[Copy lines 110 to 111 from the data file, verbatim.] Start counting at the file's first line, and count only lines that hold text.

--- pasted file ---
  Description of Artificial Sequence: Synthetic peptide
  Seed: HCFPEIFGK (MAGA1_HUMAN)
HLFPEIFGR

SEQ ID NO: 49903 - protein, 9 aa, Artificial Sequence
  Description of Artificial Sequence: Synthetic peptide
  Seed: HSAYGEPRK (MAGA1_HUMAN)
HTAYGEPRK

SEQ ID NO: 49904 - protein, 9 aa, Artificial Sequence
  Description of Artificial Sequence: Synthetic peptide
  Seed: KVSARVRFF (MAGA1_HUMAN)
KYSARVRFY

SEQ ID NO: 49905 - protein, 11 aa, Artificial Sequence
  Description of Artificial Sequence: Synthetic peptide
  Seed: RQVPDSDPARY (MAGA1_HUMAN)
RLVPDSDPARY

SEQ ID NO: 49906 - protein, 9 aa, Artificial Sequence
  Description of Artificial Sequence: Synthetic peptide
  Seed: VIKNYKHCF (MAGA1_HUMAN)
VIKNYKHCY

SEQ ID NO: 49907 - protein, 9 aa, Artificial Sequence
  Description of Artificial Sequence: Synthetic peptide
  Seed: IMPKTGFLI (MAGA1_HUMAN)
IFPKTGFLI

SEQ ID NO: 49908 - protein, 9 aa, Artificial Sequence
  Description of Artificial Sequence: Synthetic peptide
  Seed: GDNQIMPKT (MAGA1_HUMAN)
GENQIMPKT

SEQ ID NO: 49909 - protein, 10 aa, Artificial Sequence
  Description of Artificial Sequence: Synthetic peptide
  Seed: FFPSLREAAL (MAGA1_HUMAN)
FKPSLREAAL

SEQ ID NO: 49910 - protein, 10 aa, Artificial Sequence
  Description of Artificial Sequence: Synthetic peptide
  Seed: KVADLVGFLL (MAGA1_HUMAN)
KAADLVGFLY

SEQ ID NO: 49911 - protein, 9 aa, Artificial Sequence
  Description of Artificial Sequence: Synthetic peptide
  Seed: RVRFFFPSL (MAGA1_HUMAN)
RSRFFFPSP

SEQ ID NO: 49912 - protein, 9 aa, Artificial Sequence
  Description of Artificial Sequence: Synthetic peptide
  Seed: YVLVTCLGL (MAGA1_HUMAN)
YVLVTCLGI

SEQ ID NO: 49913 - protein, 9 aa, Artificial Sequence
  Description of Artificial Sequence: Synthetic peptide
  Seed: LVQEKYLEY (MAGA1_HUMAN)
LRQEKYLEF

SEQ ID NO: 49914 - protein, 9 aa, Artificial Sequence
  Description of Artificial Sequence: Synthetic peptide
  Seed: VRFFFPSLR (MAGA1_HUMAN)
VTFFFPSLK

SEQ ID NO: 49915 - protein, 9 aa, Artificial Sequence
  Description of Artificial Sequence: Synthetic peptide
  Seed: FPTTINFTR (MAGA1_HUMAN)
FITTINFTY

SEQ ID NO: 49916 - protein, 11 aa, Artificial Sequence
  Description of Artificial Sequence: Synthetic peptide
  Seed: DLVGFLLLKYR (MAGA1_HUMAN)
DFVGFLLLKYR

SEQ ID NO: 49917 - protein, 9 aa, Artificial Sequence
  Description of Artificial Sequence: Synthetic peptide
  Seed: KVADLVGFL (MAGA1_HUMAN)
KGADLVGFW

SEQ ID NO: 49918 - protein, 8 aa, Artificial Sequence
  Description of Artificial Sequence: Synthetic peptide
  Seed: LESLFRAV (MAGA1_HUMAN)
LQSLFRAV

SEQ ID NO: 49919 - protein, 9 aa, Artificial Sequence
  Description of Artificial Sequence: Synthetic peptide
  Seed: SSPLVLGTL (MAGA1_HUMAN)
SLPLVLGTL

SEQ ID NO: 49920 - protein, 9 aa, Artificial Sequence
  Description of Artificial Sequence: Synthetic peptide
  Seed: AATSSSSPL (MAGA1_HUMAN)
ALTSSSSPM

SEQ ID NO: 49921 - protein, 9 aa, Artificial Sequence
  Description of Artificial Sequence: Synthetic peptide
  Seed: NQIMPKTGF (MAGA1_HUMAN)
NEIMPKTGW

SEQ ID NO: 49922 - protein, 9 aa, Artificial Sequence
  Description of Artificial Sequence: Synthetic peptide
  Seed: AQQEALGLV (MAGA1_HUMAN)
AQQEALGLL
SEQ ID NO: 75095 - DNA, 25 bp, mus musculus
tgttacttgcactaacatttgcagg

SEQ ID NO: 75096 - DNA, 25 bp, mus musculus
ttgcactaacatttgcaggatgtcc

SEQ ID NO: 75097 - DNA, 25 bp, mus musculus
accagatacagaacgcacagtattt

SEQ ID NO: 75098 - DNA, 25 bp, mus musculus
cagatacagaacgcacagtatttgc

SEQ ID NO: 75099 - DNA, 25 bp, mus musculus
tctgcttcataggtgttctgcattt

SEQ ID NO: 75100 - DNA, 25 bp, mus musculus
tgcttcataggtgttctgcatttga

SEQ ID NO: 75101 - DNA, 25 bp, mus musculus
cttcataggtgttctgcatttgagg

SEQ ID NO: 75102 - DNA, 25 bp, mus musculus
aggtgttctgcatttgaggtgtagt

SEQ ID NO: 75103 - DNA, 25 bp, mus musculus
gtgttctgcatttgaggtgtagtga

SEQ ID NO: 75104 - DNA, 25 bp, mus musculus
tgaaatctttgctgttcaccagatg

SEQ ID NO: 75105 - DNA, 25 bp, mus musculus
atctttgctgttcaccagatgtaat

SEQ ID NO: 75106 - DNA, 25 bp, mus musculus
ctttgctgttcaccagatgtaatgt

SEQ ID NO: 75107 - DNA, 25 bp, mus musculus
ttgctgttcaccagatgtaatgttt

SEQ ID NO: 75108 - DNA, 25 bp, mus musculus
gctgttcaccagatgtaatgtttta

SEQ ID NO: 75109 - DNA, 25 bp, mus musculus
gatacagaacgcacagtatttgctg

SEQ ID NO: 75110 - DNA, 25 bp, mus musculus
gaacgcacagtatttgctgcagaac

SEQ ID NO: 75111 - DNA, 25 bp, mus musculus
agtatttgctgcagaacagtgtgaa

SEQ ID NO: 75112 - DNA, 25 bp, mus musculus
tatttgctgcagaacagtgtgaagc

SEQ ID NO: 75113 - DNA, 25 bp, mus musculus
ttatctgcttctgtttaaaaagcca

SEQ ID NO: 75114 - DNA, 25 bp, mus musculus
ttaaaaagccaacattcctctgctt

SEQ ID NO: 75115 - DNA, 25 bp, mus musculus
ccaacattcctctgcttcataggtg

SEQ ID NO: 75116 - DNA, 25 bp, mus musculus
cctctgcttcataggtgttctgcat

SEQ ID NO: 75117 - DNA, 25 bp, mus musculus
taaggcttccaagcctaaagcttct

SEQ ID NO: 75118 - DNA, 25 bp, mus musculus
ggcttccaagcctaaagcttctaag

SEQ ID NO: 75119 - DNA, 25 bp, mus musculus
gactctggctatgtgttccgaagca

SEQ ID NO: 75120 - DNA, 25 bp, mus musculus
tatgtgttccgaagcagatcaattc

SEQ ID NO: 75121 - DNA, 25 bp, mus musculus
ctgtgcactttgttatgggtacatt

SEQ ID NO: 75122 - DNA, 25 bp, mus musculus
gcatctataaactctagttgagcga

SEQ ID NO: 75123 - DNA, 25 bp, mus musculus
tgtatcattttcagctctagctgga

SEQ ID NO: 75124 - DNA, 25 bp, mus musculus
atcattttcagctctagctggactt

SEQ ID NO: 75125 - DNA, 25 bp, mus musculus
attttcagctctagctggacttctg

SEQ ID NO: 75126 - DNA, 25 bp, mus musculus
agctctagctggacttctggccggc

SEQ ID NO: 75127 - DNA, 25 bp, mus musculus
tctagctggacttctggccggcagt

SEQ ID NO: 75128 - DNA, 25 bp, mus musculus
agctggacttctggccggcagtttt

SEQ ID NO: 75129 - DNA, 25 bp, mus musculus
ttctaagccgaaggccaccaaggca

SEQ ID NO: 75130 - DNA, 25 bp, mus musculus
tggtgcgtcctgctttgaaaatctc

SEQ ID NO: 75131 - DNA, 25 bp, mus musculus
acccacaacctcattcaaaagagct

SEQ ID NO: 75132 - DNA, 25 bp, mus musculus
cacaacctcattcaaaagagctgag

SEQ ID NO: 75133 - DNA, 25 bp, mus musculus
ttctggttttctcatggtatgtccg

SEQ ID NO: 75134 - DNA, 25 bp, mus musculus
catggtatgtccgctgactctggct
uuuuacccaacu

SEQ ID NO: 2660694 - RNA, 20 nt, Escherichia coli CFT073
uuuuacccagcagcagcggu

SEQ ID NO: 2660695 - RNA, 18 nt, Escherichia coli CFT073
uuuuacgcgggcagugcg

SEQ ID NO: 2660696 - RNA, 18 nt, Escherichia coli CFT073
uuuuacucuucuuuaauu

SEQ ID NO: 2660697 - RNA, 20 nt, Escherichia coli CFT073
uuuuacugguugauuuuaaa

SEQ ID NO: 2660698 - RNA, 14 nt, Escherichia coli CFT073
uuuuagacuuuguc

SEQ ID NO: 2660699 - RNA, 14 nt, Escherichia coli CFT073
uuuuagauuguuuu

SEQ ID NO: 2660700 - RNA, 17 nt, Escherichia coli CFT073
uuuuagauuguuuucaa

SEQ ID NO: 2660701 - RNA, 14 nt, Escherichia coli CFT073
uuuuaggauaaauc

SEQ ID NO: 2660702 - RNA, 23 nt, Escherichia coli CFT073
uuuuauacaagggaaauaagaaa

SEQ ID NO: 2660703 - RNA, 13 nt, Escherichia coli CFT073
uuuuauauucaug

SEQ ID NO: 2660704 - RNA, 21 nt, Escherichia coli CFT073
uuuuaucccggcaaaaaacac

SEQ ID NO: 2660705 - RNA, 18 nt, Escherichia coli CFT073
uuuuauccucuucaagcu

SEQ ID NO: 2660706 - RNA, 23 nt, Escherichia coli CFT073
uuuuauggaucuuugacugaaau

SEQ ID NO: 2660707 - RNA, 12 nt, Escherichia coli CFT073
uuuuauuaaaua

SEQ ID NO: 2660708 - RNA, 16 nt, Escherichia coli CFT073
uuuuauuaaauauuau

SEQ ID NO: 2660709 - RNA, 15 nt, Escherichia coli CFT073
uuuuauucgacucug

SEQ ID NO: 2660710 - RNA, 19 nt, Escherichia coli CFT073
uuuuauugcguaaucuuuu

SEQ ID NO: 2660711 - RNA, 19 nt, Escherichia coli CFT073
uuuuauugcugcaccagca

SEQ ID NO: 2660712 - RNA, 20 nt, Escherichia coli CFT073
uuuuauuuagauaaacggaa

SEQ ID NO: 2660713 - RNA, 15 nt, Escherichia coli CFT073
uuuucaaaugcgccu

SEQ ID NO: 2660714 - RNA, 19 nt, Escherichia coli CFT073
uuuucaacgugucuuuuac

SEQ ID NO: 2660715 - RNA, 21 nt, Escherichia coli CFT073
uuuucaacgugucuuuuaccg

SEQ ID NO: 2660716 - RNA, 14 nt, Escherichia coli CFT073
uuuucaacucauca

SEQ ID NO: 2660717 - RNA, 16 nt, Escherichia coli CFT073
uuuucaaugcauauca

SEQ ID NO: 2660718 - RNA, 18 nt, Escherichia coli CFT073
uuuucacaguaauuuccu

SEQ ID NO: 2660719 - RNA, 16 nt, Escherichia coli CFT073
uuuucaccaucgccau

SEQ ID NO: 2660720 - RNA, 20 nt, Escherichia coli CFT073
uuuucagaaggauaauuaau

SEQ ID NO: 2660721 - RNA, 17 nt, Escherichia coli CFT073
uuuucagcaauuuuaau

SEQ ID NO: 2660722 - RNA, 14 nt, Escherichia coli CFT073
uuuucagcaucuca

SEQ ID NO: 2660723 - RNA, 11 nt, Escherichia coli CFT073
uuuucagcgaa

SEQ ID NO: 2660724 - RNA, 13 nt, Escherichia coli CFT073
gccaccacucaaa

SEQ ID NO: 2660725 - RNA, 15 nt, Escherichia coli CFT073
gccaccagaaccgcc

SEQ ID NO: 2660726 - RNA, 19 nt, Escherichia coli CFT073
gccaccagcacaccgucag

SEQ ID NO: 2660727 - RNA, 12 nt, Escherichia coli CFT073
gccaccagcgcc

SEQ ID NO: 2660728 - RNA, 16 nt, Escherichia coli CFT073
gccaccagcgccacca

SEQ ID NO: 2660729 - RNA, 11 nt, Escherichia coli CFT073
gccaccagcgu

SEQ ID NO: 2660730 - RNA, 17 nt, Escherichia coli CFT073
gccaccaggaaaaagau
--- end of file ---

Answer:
SEQ ID NO: 75108 - DNA, 25 bp, mus musculus
gctgttcaccagatgtaatgtttta